Funding Crunch in Deeptech
Funding is an indispensable part of any startup. As new technologies are surfacing like Virtual Reality, Game Development, AR, XR, GAN, blockchain, deep tech, 3D printing, ML etc. to transform business models there is a constant need to adapt to new things. They help to tailor-made addressing unique situations and problems the Indian business market faces. With development being the buzzword India is very much running the rat race. Till date, it has been fortunate to treasure 27 unicorns. The hope is to earn more of them and to lead the market in the long run. However, this success reminds that none of the unicorns are from the field of deep tech. Most of the unicorns present in India have their entities present in the foreign market. This is because of the easy funding, developed infrastructure, rules and regulations and tax norms. India has a long, long way to travel till it earns its deep tech unicorn.
Condition of the Indian market
India stands behind China, Japan and the US in the market of deep tech. Records of the past indicate that 2018 had been a milestone year after 2015 and 2016 seeing irrational exuberance which had created a funding gap. In that year the Indian startup ecosystem received $11 billion. Although the year 2018 witnessed a decline in deals as well as funding from that of 2017. 48 percent of the received funds were lapped by 1.4 percent startup companies with the rest 52% funding being raked by 1 percent startups. Reports by Inc42 DataLabs reveal that the Indian startup ecosystem has received $3.42 billion in the beginning quarter of 2019. The deep tech ecosystem was blessed only with $9.58 million out of the total $958 million (merely one percent of the total amount).
The competition in the Indian market is getting tough. With increasing number of companies in the Indian market ecosystem, the need to raise more funds in deep tech is the need of the hour. Conversely, it is the only vertical in the startup market to receive the least ever funding, even lesser than the quarterly average forcing several players to bid adieu. Quite obviously India is facing tough challenges that its foreign contemporaries have never confronted with.
The players of the deep tech ecosystem such as IoT, ML and AI are being leveraged from almost all the sectors. Health, security, legal and logistics, etc. are at the forefront that is making use of such technologies. In fact, the number of companies has grown due to increased efficiency.
To ensure prompt growth of the sector the venture capitalists or VC need to be capable enough to back the startup companies. Only then further growth in the industry would surface in the year 2020 and the decade following thereafter.
In the TiE summit held recently, the industry leaders expressed similar views. They opined that due to lack of institutional support this industry is seeing a tough time. In fact, many agreed that the industry is not even counted as one among the several primary objectives of the whole startup ecosystem. As per Tracxn, a research firm, the year 2019 has been a boon. The nation witnessed $14.5 billion Local tech startups, in comparison to $10.6 billion of 2018. The startups participated in more than 1180 financing rounds, out of which 459 of them were graded in Series A or later rounds by 817 investors. Other startups who participated in pre-Series A or angel investment were successful to raise $6.9 billion.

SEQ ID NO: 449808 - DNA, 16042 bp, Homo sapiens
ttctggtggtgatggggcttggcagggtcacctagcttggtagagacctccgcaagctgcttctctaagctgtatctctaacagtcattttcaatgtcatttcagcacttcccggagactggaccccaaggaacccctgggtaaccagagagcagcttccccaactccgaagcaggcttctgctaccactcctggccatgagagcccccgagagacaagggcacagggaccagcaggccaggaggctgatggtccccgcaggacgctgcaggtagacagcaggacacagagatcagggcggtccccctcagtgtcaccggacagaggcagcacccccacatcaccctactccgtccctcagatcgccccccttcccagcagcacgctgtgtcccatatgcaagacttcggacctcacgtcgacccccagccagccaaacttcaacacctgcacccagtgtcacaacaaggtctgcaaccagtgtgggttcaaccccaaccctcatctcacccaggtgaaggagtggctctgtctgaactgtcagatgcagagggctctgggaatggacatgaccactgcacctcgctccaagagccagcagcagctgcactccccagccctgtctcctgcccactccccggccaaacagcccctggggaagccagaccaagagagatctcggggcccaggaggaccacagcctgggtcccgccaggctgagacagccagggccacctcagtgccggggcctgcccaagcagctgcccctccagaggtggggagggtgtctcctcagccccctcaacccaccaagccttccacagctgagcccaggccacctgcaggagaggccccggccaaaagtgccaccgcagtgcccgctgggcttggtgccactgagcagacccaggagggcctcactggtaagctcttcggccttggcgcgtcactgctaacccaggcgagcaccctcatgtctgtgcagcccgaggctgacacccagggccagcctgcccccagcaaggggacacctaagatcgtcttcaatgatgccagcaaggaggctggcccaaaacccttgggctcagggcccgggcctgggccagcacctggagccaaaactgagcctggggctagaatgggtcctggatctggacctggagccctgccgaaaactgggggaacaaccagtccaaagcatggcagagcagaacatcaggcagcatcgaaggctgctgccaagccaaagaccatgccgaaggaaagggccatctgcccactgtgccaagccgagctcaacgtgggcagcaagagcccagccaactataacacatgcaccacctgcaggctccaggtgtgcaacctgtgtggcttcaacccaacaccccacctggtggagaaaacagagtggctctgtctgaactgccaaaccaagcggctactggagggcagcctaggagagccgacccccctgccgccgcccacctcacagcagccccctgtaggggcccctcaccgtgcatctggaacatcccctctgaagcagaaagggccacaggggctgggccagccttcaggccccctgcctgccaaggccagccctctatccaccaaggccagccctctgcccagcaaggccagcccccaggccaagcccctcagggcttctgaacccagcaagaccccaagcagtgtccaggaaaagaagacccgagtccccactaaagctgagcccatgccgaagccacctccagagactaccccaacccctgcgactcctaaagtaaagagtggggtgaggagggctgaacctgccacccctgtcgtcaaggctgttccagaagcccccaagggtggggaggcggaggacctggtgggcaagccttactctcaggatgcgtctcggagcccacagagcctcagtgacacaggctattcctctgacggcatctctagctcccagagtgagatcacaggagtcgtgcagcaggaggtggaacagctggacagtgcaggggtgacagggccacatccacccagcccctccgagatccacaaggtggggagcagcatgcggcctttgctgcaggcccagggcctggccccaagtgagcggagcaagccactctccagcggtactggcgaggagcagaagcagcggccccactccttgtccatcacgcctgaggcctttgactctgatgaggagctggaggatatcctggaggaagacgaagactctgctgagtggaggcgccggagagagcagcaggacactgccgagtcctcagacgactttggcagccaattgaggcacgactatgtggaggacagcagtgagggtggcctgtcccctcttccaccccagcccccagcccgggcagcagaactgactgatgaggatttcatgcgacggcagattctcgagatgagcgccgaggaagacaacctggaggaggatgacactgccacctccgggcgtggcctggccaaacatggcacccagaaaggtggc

Active Investors in the current market The most active venture capital fund of the startup ecosystem is Sequoia Capital with more than 50 investments and co-investments. Other top VCs are Tiger Global Management, Chiratae Ventures, Accel and Blume Ventures. Private equity funds were led by Steadview Capital alongwith nine startup investments. Even General Atlantic invested its finances in four startup companies, turning into a profitable edtech startup. 2019 has also seen the arrival of several direct investments from the banking and corporate sectors. The good news is the funding market was much of a success to help businesses find access to working capitals through 176 horizontal marketplaces, more than 160 fintech startups, 150 educational learning apps, 120 trucking marketplaces, 82 riding services, 42 platforms of insurance, more than 33 used car listing providers and over 13 startups. The year also saw rise significant increase (almost 22 percent) in the ability of struggling companies to attract investors to help them accomplish their financing deals. Consequently, the increment in valuation was 15 percent.
To sum up It is for sure that India wants to carve out its niche among the world's top economies. However, only desires won't help. Suitable inputs from the Indian government would be necessary to take the big leap. Even startup ventures in India might have to reconsider their plans and think in the way global leaders do. Both hand-in-hand (i.e., the government and individual companies) would surely pave way for a successful tomorrow. And let's say another unicorn might add to the prestige of the country. So, India it's time to plan its next move! Show the world what you got!